PlayStation 4 – What’s in the Box!?

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whatsinthebox2“WHAT’S IN THE BOX?!?” If you’re a Sony fan, you’ve asked this question with a near David Mills’ level of desire for the last month. Fortunately, the fan response as been less, uugh, violent. Anyway, the simple answer is the PlayStation 4. Thanks to the February 20 announcement ceremony, we know the new machine is a beast. Unlike its predecessor, the PlayStation 4 is more of a gaming console and less of a computer built for gaming. I let that soak in for a minute. (Think of it like the new Batman Trilogy being more about the Dark knight than the Caped Crusader.)

Okay, here we go. The PS4 will utilize an eight core processor and 8 GB of RAM. For my less tech savvy friends, that’s a lot of vroom-vroom. The PS4 promises the ability to download and play games at the same time. With the statistics Sony has announced, it’s not hard to believe.

For those of you who aren’t as focused on power, the PS4 is a veritable smorgasbord of gaming options. Each game looked better than the last. Honestly, I feel like Charlie in Willy Wonka’s factory. Everything looked fantastic. Deciding which game to pin your Most Anticipated award on has induced brain hemorrhaging due to the plethora of options. Backwards compatibility has been lost, but the ability to play older titles is reportedly coming in the form of a streaming service. I’m up in the air on this one. Also, Sony has said that they have no plan to block used games, but a patent released in December by Sony demonstrates they have the ability to add DRM to every disc. While actions speak louder than words, I believe Sony will live up to their promise.

The ability to interface with the console has the potential to be one of its crown jewels. The new DualShock 4 controller is being dragged out of the pool of drool of a million gamers. That might be a bit too descriptive, but you get the point. The new ergonomic design of the controller is sure to earn two thumbs up from OSHA. Reports of the ability to remotely access the console from anywhere using the Vita will potential to help sales of the struggling handheld. Users will also be able to utilize ultrafast USB 3.0. I was very happy to hear this addition due to the large quantity of media I have stored digitally on an external hard drives.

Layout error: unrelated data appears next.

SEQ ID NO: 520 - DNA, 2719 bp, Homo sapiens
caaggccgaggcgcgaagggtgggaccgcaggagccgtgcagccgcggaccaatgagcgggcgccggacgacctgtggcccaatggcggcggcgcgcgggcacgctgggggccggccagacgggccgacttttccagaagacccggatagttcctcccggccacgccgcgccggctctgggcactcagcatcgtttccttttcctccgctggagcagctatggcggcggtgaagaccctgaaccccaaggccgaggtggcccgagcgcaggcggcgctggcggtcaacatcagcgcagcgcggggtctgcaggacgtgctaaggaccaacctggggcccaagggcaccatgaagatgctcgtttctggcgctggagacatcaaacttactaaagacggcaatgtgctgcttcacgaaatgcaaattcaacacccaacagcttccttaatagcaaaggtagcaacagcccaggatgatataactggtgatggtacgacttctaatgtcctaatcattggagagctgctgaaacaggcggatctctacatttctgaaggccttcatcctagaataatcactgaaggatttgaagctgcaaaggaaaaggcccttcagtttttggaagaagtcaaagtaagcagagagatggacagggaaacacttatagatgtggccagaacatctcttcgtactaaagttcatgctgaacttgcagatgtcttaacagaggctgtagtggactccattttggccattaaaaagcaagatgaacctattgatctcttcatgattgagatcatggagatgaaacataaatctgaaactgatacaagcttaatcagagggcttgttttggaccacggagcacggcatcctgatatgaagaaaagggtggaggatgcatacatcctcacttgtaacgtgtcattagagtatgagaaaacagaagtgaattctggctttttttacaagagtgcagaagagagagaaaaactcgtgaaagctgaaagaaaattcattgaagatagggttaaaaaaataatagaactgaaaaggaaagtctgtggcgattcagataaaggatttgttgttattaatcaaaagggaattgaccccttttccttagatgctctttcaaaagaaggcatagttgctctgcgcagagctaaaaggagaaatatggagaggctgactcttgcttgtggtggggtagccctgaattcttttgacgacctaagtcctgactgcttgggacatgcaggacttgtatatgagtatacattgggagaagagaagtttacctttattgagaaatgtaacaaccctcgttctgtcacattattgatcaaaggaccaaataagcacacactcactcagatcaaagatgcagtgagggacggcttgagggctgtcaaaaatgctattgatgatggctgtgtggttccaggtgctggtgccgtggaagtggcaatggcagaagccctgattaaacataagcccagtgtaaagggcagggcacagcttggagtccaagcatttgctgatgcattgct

If you were glued to your favorite streaming service as was I on Wednesday, you may have noticed the elephant in the room. More appropriately, you may have noticed the conspicuously absent elephant, or whatever. Bad analogies aside, I have one question; where’s the box? ‘Who cares’ you say? ‘Why is this even an issue’ you ask? Well, to answer that, consider the following:

Sooooo, where is it guys? It’s clearly not been an issue in the past to show a working model or mockup of the device you’re advertising in advance. Even Microsoft (bless their hearts) has hosted live demonstrations knowing their entire system may crash (and did). So why weren’t we shown anything on the 20th? While I don’t have an immediate answer, I believe not showing even a mockup of the system could be a mistake on Sony’s part.

First of all, showcasing the console was the point of Sony’s demonstration. While Sony did an excellent job of describing what to expect and showcasing the systems abilities, man doth not playth by components aloneth. There is a huge step between delivering developer kits to several dozen studios and putting a console in millions of households. Showing the console would have proven that this gap had been bridged and that Sony was ready for the next step forward. It would have shown that this event wasn’t just a business move geared towards getting the jump on Microsoft.